A refusal to work does not mean the worker quit

Cameron v. Sarlin Subway Ltd., 2004 CarswellNB 444 (N.B. Labour & Employment Bd.).

April Cameron worked for eight months for a Sarlin Subway franchise outlet in Hampton, N.B. She averaged 38 hours a week working various shifts and her duties included baking bread, making sandwiches, cleaning up and opening and closing the store.

On March 3, 2004, she was scheduled to work the 6 a.m. shift. Very early in the workday she saw a notice posted that there was going to be a mandatory staff meeting at 2 p.m. that day. The meeting was to instruct employees and also have them take a test on procedural operations in the store. She had not seen the notice before and had made an appointment for 2 p.m. that day some 50 kilometres away with a tax consultant to complete her income tax return.

Cameron asked her supervisor if she could take the test in the morning so she could keep her appointment. She was told it was a mandatory staff meeting and failure to attend would result in her dismissal.

At around 7:30 a.m. she left her hat and apron in the office area and left the store . The supervisor later that day filled out an "employee warning" stating Cameron was dismissed because she "was threatening to quit." This document was not provided to Cameron but she did, two weeks later, receive a record of employment that said she had been dismissed. There were no reasons given for the dismissal.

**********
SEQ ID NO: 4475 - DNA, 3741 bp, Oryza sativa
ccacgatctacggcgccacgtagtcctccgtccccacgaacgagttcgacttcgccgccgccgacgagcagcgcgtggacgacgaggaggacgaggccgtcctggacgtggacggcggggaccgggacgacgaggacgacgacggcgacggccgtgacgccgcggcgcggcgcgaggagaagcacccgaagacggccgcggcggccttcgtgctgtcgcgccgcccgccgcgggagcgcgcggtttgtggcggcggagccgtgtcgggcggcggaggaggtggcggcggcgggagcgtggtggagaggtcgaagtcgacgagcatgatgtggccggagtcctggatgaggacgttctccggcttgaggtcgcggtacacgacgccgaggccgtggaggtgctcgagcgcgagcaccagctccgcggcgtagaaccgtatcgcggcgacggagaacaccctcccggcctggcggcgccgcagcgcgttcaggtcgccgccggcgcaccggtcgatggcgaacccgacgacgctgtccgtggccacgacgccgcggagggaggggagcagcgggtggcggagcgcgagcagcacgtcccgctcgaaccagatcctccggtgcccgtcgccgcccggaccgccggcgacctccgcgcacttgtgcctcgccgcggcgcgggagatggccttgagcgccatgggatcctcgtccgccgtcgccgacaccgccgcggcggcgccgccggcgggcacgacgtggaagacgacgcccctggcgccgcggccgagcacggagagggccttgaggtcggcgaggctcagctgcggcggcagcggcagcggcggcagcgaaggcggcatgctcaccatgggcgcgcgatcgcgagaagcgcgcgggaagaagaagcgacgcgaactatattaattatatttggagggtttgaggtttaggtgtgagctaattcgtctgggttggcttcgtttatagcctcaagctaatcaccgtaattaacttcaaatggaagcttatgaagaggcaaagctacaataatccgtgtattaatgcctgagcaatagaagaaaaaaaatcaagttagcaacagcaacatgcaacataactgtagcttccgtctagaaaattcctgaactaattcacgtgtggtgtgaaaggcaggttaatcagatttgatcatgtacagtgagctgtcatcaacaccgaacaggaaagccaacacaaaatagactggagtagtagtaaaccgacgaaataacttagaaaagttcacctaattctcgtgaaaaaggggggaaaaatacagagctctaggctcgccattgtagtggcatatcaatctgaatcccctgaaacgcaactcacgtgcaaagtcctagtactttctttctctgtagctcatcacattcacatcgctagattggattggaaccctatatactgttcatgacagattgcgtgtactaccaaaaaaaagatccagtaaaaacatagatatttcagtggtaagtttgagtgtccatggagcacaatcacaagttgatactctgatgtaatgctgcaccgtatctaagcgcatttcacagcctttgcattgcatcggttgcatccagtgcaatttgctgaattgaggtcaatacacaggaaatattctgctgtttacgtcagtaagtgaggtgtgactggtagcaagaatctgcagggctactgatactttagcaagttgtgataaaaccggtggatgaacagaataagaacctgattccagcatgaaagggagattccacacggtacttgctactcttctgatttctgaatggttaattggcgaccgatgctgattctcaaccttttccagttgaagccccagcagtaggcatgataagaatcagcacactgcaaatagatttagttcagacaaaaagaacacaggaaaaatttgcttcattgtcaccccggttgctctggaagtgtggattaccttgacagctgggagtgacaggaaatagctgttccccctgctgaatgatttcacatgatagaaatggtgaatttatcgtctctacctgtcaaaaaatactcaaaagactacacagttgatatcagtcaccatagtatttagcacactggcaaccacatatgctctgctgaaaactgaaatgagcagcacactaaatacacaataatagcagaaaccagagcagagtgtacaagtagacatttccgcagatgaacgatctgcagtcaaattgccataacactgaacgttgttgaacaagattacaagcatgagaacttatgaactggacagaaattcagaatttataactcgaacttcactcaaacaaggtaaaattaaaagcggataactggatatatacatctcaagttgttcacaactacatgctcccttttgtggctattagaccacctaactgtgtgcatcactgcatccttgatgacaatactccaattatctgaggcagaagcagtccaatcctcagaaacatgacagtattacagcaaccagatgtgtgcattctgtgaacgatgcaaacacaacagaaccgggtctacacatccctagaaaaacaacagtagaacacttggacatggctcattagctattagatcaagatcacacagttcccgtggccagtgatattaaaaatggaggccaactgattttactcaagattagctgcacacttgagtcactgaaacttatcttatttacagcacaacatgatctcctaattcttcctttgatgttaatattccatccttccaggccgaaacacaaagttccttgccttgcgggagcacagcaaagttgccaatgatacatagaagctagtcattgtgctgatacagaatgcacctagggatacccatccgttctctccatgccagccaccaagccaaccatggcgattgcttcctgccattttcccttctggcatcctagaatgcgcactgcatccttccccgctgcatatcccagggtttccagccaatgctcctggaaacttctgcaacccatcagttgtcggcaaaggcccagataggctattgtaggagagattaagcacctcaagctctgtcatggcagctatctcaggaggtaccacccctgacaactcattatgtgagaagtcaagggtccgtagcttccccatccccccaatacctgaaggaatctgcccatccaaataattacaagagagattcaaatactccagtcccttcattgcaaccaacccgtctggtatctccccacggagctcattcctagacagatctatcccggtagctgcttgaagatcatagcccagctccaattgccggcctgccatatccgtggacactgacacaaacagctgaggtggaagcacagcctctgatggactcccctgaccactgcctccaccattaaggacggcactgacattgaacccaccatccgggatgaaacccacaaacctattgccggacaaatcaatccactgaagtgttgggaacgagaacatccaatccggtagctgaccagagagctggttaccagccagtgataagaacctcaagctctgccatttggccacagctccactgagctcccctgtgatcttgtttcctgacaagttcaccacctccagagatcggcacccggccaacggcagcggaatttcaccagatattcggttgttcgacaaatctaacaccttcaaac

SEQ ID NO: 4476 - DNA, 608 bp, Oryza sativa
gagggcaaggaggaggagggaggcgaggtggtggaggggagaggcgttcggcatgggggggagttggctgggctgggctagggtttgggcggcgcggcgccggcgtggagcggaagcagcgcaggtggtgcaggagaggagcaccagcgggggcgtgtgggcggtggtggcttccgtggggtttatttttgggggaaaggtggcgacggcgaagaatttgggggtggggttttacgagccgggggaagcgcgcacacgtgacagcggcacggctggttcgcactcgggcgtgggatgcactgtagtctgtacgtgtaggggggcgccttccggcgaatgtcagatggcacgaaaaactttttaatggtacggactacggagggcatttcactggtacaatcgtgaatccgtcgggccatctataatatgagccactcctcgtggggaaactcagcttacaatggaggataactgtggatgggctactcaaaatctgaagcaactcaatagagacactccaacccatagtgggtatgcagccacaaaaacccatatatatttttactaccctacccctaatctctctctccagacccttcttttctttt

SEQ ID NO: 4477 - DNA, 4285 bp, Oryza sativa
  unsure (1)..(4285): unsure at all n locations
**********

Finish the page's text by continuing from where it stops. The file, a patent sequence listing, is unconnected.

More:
Cameron filed a grievance seeking two weeks pay in lieu of notice plus vacation pay. Sarlin Subway argued she had quit her job when she left the store and is therefore not entitled to pay in lieu of notice.

It is established in Canadian labour law, ruled the New Brunswick Labour and Employment Board, that to find an employee has quit both an intention and a manifestation of that intention to quit must be established.

Courts require clear and unequivocal evidence of a resignation. When a worker has absented herself from the workplace and is told that unless she reports by a certain date she will be taken to have resigned, normally it is considered a resignation if the worker remains absent. But a refusal to work does not necessarily amount to quitting: a worker may be absent for any number of reasons which could not be reasonably interpreted as manifesting an intention to quit.

In this case, ruled the board, there was no evidence that Cameron intended to resign. Sarlin Subway's own documents confirm the employer took disciplinary action based on Cameron's "threatening to quit." This disciplinary action was to dismiss her. In so doing the company failed to provide Cameron with a written notice outlining the reasons for her dismissal. This failed to comply with the provisions of the Employment Standards Act.

The board found Cameron was entitled to two weeks pay in lieu of notice plus vacation time.

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